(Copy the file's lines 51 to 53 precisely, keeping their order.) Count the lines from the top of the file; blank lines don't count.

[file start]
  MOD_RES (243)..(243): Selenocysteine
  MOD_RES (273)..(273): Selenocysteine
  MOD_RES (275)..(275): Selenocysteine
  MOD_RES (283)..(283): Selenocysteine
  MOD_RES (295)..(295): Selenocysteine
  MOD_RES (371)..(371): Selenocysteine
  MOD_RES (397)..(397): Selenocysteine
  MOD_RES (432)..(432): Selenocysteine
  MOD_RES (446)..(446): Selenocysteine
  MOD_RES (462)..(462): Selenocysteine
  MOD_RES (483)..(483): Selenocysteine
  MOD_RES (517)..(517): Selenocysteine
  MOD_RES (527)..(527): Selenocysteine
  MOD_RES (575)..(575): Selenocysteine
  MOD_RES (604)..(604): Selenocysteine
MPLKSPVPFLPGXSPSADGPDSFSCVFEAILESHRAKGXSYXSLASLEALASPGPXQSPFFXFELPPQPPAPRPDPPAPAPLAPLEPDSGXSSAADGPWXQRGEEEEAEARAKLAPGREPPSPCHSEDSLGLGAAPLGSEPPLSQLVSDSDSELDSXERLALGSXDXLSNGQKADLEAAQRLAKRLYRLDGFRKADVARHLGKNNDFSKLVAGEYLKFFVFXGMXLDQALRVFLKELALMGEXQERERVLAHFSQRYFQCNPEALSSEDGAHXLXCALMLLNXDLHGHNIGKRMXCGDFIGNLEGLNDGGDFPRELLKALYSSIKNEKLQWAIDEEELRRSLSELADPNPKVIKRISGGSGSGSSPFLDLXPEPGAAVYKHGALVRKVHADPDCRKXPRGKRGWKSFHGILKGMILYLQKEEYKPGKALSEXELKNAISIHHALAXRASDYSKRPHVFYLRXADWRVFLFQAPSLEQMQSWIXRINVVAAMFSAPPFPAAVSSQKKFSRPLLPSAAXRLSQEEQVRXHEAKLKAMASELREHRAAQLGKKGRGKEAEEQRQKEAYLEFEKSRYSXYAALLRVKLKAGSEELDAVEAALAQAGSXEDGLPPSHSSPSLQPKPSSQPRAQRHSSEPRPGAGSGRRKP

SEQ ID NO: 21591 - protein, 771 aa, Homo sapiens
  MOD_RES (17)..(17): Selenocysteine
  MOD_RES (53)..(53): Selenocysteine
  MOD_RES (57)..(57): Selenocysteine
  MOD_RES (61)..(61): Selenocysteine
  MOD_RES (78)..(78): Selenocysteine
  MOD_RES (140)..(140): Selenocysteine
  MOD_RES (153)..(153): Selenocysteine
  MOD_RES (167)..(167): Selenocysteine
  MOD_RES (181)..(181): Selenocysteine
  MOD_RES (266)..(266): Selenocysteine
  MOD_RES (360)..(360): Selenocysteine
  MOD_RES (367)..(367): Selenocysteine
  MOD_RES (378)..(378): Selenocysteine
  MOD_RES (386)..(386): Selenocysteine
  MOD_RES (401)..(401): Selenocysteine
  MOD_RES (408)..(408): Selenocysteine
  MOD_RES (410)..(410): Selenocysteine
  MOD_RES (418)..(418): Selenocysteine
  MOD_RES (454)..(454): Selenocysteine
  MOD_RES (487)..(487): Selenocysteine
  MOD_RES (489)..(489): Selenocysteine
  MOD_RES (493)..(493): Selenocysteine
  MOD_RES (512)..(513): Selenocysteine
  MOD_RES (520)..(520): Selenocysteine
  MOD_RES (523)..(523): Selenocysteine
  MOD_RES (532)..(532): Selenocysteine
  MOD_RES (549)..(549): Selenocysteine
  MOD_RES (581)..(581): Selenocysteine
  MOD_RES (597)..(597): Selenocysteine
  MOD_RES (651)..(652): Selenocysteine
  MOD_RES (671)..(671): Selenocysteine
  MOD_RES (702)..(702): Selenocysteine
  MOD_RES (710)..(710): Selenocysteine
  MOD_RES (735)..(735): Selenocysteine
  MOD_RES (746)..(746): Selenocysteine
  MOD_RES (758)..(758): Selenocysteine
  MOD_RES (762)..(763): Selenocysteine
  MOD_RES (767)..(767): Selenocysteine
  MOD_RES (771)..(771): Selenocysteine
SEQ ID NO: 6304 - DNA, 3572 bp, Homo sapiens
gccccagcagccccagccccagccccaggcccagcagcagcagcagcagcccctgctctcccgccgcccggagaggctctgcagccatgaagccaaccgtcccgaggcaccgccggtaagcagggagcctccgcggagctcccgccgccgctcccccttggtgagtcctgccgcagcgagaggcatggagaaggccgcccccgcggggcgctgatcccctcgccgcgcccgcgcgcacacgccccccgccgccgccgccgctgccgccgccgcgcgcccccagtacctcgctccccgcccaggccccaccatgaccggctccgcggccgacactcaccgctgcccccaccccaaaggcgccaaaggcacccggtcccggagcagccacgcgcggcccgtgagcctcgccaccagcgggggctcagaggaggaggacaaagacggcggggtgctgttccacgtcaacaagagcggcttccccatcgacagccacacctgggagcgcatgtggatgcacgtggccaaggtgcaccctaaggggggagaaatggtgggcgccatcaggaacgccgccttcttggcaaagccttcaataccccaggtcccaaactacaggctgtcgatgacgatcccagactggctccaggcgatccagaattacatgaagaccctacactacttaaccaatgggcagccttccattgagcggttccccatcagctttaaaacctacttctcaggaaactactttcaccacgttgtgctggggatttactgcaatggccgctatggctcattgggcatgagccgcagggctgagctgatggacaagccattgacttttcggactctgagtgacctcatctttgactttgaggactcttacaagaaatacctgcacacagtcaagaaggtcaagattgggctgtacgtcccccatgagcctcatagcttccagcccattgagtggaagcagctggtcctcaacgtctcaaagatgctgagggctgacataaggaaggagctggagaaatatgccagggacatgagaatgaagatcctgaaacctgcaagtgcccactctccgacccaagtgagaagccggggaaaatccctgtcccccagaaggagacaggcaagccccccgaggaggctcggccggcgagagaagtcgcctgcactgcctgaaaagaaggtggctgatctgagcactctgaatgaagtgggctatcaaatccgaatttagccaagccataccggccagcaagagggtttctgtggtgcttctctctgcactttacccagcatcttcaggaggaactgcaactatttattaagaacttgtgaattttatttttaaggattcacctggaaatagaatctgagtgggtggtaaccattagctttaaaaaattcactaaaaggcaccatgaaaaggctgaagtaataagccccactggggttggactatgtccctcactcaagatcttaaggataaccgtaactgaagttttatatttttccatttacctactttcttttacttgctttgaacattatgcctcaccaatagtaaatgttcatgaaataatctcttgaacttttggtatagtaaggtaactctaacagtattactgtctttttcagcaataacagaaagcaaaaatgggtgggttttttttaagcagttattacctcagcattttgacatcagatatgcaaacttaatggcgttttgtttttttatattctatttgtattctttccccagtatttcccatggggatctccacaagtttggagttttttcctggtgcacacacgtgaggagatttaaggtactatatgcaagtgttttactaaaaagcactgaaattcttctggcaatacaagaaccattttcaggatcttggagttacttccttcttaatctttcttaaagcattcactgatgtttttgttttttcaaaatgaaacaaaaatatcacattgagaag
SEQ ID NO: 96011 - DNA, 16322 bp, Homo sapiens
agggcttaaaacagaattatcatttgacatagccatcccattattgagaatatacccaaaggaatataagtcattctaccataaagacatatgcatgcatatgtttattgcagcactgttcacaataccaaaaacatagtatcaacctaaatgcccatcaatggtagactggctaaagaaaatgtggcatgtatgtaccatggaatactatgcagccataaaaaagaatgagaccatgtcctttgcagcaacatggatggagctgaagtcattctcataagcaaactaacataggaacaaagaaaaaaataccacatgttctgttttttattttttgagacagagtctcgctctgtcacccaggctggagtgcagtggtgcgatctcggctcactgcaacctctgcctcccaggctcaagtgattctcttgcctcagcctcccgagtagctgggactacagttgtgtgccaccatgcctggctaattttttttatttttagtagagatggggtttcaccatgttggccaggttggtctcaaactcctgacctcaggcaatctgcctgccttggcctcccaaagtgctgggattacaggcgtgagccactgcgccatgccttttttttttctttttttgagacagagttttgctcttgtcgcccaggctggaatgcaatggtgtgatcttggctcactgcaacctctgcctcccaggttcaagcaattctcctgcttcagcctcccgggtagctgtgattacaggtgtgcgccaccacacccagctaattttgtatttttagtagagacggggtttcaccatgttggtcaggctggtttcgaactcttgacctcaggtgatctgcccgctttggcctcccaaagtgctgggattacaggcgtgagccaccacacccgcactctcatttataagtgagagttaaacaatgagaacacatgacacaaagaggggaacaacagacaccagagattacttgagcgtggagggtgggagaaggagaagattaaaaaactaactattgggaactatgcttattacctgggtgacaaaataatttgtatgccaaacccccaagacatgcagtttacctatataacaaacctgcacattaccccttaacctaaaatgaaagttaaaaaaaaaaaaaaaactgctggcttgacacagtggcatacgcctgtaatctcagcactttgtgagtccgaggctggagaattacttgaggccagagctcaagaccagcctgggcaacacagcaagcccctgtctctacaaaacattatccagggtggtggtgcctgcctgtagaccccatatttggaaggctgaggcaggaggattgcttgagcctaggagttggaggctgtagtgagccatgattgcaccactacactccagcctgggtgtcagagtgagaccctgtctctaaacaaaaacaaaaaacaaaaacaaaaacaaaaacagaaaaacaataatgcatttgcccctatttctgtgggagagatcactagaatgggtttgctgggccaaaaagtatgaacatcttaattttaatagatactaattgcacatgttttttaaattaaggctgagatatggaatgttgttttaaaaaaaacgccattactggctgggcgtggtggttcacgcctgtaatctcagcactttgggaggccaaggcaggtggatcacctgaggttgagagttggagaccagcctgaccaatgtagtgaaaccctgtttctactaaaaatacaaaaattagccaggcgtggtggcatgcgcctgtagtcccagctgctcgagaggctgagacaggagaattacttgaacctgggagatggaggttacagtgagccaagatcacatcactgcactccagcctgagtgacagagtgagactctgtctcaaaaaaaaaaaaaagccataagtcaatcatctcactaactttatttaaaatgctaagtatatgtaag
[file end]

  MOD_RES (735)..(735): Selenocysteine
  MOD_RES (746)..(746): Selenocysteine
  MOD_RES (758)..(758): Selenocysteine